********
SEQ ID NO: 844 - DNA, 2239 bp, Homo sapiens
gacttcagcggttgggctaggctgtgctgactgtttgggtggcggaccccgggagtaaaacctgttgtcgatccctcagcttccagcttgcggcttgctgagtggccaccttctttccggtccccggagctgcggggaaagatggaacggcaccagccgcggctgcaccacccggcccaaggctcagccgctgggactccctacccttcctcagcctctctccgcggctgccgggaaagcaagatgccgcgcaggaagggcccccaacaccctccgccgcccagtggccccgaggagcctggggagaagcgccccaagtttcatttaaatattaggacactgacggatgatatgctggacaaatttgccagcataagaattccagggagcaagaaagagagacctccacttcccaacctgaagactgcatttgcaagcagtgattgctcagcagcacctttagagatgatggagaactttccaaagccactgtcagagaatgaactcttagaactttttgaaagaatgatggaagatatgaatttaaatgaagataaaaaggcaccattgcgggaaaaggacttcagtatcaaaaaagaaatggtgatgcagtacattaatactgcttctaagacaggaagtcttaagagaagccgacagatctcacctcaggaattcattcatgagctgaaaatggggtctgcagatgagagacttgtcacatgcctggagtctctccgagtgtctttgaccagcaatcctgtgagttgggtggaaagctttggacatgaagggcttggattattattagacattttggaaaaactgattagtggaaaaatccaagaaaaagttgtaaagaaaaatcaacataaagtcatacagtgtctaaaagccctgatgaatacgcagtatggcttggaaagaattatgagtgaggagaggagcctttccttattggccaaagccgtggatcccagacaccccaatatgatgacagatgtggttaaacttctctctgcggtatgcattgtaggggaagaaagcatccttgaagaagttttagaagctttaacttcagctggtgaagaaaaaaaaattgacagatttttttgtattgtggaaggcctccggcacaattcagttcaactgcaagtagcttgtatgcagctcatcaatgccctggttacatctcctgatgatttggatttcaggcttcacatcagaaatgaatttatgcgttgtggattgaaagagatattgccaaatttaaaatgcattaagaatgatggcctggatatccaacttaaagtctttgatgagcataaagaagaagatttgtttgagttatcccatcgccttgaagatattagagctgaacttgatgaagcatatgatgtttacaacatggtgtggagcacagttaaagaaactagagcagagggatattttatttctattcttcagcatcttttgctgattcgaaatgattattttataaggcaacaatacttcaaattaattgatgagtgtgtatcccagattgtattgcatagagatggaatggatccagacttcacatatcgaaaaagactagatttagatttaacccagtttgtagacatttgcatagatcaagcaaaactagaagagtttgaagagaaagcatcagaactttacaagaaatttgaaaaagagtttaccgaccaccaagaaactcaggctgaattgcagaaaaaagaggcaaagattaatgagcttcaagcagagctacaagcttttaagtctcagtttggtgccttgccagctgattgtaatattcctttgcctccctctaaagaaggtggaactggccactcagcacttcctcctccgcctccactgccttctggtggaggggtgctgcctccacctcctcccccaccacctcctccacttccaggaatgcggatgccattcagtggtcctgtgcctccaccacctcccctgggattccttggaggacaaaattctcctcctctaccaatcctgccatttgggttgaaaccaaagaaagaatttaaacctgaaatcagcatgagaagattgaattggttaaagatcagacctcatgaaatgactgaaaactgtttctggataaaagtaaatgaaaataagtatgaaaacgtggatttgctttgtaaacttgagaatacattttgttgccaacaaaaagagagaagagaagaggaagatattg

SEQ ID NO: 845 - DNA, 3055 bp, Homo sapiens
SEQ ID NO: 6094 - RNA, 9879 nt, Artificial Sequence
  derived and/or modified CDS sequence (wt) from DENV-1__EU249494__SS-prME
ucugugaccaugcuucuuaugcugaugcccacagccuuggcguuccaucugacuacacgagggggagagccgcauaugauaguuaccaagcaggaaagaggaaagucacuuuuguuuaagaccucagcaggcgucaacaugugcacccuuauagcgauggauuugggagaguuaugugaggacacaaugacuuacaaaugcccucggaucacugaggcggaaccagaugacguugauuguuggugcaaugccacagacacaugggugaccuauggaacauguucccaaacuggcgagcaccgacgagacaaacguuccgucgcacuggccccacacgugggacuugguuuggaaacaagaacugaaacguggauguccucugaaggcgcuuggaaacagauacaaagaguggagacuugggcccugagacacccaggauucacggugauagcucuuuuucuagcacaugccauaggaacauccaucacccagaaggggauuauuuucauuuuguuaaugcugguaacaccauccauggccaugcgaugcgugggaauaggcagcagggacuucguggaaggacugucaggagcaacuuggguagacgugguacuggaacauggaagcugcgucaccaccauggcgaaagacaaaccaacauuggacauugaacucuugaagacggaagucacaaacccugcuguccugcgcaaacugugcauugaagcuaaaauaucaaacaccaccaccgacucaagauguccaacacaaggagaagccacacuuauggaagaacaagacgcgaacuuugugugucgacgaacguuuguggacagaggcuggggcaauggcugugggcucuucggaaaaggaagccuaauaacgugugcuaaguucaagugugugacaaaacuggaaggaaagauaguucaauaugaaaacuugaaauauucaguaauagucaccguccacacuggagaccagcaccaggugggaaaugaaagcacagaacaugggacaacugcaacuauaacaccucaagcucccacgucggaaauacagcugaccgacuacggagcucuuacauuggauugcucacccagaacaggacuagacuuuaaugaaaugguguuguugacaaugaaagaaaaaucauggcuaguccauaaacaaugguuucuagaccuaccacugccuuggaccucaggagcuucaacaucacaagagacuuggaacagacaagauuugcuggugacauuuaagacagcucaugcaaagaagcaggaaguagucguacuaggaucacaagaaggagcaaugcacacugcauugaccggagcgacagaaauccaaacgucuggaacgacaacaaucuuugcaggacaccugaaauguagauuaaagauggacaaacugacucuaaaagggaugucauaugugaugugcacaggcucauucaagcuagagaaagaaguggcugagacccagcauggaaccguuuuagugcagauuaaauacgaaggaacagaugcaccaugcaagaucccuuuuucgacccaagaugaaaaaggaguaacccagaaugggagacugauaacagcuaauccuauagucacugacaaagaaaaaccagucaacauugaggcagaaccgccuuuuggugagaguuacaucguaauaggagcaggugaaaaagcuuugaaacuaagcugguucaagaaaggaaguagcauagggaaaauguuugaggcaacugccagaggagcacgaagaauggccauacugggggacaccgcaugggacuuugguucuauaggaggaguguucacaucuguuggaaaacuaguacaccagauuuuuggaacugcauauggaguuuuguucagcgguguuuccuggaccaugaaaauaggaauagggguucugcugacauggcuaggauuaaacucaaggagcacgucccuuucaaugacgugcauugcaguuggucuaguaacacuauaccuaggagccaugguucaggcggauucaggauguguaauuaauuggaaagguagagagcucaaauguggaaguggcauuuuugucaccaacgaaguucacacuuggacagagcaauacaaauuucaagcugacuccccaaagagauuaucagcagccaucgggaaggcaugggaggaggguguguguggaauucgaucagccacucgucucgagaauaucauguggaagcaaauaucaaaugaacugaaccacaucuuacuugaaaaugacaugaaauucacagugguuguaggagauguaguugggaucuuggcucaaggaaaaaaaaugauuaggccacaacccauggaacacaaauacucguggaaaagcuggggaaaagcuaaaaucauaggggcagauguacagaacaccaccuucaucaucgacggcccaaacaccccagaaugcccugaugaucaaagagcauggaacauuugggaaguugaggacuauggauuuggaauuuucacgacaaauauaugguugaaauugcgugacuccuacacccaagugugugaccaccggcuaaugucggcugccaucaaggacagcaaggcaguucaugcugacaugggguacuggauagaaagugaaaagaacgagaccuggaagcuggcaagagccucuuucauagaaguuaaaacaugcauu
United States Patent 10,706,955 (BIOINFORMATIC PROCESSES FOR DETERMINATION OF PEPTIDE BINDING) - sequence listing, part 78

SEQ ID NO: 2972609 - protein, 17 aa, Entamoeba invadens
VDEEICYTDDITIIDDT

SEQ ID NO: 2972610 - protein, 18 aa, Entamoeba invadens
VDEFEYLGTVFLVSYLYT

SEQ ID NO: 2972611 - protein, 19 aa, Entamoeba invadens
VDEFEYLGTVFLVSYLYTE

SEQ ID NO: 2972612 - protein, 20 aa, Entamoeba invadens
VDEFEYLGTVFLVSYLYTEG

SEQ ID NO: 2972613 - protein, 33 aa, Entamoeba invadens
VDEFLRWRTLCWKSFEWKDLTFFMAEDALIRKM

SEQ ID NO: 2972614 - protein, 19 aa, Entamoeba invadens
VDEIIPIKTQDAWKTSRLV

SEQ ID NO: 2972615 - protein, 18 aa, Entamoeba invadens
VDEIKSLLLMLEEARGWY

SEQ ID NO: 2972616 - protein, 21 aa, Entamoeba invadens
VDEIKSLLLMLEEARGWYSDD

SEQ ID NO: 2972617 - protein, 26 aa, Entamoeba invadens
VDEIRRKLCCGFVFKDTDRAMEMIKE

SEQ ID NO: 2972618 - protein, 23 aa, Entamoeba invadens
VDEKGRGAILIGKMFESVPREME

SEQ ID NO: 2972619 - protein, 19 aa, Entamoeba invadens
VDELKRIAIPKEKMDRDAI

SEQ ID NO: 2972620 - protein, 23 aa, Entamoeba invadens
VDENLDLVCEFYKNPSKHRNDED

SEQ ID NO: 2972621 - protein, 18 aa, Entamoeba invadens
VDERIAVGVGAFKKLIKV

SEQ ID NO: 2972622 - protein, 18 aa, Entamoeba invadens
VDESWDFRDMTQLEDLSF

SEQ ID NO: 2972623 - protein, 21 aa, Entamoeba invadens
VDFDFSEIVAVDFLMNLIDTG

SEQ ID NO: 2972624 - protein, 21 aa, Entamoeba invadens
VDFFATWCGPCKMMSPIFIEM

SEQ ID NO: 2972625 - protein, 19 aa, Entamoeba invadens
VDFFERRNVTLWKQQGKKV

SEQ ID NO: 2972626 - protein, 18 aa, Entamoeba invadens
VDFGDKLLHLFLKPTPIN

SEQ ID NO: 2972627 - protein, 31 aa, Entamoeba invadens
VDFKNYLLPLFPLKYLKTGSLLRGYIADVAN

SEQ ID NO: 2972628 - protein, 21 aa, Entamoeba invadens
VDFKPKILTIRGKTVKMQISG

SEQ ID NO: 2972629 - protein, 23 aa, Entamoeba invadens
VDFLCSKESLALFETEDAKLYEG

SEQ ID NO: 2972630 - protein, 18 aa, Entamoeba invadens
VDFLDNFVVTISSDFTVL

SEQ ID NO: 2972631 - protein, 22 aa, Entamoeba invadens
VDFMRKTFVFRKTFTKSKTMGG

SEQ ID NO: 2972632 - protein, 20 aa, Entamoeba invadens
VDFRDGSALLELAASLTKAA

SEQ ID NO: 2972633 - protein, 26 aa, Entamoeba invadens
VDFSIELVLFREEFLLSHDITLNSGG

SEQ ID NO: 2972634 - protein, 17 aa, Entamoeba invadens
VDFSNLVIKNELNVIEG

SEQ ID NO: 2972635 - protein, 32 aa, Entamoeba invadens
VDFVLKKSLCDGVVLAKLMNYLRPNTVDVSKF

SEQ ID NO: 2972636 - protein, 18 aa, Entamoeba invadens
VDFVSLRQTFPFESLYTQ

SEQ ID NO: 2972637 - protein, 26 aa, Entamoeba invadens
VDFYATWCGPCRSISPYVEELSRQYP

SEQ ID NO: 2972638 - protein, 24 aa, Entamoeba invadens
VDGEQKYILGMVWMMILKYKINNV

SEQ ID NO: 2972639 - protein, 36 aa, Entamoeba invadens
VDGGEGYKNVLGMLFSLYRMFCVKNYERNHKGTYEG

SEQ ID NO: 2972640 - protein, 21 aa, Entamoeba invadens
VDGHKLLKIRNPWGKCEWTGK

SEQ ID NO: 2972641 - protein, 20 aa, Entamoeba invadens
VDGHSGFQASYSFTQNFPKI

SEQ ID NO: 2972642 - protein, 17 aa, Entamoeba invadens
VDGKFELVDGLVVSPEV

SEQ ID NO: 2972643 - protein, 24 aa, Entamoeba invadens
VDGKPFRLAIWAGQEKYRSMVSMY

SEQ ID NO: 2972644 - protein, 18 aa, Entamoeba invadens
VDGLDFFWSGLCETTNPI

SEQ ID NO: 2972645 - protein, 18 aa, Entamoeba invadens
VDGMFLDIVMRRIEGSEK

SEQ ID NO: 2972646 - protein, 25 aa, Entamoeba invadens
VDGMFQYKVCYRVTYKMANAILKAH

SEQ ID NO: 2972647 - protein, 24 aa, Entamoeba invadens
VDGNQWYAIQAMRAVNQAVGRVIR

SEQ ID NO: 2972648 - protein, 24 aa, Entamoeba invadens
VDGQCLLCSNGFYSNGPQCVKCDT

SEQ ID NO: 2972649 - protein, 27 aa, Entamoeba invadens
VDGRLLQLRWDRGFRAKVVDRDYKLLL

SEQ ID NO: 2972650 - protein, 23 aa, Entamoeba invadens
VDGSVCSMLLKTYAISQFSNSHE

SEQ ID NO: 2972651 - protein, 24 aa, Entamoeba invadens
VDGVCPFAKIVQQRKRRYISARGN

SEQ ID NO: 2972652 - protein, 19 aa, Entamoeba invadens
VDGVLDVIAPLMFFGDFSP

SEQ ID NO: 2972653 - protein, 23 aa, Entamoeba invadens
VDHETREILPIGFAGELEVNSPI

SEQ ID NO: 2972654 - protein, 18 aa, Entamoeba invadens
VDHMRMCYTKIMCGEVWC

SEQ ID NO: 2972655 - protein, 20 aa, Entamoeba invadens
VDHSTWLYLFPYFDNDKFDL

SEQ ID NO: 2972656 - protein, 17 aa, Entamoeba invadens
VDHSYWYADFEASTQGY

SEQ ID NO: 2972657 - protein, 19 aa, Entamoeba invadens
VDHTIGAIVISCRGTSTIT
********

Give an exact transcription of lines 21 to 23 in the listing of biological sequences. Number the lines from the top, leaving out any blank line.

VDEIKSLLLMLEEARGWY

SEQ ID NO: 2972616 - protein, 21 aa, Entamoeba invadens
VDEIKSLLLMLEEARGWYSDD